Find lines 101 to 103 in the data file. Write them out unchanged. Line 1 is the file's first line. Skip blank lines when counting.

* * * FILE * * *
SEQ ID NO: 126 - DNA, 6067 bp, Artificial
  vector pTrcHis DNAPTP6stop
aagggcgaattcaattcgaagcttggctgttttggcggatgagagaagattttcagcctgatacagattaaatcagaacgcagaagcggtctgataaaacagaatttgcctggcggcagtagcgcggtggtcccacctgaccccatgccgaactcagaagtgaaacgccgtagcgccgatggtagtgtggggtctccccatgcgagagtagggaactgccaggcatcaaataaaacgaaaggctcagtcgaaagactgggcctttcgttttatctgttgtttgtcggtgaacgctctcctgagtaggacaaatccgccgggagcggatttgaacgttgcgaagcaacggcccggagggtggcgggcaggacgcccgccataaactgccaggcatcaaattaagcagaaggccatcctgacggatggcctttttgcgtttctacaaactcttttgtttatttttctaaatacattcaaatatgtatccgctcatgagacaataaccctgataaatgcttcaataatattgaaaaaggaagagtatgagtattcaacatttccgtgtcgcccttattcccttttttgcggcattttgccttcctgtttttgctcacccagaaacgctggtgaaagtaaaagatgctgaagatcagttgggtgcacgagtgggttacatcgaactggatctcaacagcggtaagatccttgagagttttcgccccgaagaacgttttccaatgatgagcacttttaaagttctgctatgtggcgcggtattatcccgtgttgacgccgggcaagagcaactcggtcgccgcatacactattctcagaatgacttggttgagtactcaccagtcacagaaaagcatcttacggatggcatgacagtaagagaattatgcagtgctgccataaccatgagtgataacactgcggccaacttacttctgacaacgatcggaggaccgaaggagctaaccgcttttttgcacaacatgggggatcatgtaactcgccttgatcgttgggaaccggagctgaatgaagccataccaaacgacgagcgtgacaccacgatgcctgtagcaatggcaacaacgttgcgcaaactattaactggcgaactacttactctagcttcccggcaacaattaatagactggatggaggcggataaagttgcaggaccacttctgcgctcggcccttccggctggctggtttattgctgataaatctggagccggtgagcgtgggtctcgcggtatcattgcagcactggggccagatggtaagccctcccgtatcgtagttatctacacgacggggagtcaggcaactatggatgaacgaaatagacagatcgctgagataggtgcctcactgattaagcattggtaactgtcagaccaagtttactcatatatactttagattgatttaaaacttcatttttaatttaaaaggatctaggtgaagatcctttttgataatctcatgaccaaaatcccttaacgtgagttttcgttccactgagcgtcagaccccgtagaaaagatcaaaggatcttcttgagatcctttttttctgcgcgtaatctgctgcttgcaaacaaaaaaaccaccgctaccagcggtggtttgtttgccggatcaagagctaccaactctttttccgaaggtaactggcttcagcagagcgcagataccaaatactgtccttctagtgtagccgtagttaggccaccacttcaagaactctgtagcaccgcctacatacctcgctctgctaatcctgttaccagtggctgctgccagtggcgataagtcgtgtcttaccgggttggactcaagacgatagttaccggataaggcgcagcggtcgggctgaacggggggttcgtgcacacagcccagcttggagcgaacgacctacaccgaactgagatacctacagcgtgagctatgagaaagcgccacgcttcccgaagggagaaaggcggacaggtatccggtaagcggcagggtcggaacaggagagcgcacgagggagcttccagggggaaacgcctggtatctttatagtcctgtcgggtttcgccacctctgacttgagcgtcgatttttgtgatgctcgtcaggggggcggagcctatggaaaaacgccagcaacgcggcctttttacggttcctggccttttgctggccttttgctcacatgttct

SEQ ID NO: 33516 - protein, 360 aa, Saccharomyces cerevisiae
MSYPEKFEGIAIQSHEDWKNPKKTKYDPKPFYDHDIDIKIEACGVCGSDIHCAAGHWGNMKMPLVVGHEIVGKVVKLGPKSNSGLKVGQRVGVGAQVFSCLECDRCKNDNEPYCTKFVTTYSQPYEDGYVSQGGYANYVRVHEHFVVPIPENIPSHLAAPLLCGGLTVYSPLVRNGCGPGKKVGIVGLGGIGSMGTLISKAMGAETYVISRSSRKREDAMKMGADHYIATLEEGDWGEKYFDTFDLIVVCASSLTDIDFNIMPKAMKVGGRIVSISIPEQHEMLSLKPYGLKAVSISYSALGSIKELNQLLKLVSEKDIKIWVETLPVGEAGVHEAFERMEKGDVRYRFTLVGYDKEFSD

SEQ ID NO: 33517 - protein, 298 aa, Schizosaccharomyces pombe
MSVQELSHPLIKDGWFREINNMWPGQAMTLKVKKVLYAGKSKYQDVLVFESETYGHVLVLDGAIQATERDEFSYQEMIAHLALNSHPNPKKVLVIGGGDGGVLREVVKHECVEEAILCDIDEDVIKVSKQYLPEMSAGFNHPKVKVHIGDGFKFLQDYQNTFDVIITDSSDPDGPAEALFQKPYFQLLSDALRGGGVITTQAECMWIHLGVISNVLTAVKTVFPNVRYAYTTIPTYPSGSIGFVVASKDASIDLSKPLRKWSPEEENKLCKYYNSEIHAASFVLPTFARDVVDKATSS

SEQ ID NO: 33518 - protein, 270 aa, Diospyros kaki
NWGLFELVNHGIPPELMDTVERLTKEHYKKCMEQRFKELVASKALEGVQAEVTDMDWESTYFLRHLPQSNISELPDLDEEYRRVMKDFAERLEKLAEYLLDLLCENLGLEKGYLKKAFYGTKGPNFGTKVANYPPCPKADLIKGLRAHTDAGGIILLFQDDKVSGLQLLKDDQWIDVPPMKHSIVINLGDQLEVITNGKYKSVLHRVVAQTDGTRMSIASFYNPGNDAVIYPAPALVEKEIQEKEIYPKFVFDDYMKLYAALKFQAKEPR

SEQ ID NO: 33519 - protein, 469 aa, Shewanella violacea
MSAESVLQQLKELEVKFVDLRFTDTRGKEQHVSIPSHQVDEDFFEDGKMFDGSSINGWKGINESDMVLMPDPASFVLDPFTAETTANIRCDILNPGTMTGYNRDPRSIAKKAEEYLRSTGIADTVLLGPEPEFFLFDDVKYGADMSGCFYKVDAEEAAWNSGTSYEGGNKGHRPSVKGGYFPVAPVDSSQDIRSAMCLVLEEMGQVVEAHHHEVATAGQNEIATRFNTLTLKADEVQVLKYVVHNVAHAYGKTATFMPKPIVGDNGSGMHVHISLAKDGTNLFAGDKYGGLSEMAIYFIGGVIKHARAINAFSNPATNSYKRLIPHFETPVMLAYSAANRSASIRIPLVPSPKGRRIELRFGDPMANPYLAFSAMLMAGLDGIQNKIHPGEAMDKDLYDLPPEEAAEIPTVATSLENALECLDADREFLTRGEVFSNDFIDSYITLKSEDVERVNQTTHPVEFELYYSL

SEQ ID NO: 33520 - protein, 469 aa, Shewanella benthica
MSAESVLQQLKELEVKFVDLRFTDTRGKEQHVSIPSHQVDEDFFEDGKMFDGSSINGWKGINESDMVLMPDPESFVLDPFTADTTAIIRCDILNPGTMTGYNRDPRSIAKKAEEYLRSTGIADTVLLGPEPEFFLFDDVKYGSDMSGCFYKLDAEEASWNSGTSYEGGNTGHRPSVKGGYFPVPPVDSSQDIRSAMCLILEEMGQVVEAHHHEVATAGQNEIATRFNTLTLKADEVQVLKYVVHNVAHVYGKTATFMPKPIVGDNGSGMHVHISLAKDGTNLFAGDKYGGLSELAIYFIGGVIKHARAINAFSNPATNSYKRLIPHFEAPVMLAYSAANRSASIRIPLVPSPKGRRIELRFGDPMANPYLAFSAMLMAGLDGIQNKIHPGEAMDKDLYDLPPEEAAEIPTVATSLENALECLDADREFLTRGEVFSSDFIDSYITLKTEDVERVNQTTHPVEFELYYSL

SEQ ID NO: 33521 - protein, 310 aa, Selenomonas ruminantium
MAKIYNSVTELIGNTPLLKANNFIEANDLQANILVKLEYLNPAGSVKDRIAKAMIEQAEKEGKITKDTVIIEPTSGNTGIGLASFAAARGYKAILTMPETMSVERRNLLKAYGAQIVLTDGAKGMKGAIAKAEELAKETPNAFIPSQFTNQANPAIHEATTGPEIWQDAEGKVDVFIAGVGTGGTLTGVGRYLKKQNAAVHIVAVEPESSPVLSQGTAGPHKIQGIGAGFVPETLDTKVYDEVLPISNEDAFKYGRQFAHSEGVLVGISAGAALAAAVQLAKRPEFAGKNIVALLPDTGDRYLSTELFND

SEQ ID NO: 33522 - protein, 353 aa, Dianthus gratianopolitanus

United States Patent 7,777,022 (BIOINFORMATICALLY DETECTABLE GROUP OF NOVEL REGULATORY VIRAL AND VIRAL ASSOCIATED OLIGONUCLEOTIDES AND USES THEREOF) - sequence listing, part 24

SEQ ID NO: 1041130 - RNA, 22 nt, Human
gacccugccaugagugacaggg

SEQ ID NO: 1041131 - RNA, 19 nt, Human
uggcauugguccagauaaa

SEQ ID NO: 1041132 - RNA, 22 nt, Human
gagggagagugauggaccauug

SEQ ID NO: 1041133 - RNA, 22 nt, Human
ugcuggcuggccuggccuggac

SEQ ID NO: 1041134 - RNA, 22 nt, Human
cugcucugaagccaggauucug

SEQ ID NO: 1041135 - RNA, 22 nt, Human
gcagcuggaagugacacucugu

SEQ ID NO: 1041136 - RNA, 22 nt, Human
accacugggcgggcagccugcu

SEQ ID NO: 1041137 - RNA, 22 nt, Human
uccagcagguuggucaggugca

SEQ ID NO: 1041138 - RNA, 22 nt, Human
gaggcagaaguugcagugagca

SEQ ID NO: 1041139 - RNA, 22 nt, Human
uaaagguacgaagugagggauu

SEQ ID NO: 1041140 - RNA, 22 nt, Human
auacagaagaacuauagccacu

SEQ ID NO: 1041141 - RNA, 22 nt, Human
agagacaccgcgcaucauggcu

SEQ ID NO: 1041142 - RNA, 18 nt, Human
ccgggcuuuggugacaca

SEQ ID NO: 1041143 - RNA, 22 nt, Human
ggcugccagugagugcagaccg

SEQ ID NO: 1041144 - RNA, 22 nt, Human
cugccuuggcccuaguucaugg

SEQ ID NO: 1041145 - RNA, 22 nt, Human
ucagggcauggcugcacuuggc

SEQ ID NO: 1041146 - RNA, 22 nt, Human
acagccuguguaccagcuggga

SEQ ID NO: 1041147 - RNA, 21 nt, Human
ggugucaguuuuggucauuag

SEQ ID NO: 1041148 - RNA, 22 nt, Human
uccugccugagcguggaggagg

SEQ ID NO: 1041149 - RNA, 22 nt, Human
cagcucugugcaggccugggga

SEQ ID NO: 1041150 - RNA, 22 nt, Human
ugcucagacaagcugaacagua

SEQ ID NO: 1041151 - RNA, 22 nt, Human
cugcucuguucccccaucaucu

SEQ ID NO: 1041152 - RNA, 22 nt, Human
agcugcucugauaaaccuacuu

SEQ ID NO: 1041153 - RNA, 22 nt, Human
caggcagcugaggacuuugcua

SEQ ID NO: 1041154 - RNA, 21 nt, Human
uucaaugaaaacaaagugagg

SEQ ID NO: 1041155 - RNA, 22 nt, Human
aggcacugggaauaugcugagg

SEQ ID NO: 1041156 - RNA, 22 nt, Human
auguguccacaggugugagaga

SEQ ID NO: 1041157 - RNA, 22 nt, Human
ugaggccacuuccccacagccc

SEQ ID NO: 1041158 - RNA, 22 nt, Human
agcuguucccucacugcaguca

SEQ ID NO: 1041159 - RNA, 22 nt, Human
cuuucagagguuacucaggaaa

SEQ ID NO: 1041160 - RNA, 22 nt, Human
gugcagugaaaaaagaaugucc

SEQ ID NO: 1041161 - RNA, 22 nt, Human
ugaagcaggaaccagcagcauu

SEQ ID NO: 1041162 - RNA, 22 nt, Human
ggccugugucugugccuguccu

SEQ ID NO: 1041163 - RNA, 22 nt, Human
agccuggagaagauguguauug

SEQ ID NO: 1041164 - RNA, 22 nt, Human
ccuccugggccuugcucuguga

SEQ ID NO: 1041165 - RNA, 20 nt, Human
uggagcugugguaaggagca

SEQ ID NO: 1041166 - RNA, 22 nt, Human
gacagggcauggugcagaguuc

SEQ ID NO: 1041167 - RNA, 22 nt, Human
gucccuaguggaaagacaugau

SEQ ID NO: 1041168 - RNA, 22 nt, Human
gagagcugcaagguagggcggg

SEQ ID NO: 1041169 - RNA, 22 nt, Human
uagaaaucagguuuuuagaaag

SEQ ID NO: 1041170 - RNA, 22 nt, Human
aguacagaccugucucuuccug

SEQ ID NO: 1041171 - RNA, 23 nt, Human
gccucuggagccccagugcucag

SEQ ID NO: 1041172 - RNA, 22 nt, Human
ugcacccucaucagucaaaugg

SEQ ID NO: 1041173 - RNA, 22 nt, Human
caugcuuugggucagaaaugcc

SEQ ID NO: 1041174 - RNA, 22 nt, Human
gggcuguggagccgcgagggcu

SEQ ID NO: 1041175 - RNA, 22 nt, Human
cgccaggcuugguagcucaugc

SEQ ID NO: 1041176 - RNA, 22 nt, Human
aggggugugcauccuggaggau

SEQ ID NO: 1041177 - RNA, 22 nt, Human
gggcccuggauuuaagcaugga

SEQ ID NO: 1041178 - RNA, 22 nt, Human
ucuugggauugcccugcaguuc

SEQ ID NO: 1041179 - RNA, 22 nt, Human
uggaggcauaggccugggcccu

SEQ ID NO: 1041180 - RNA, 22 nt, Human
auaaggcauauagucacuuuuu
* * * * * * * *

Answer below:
gccucuggagccccagugcucag

SEQ ID NO: 1041172 - RNA, 22 nt, Human
ugcacccucaucagucaaaugg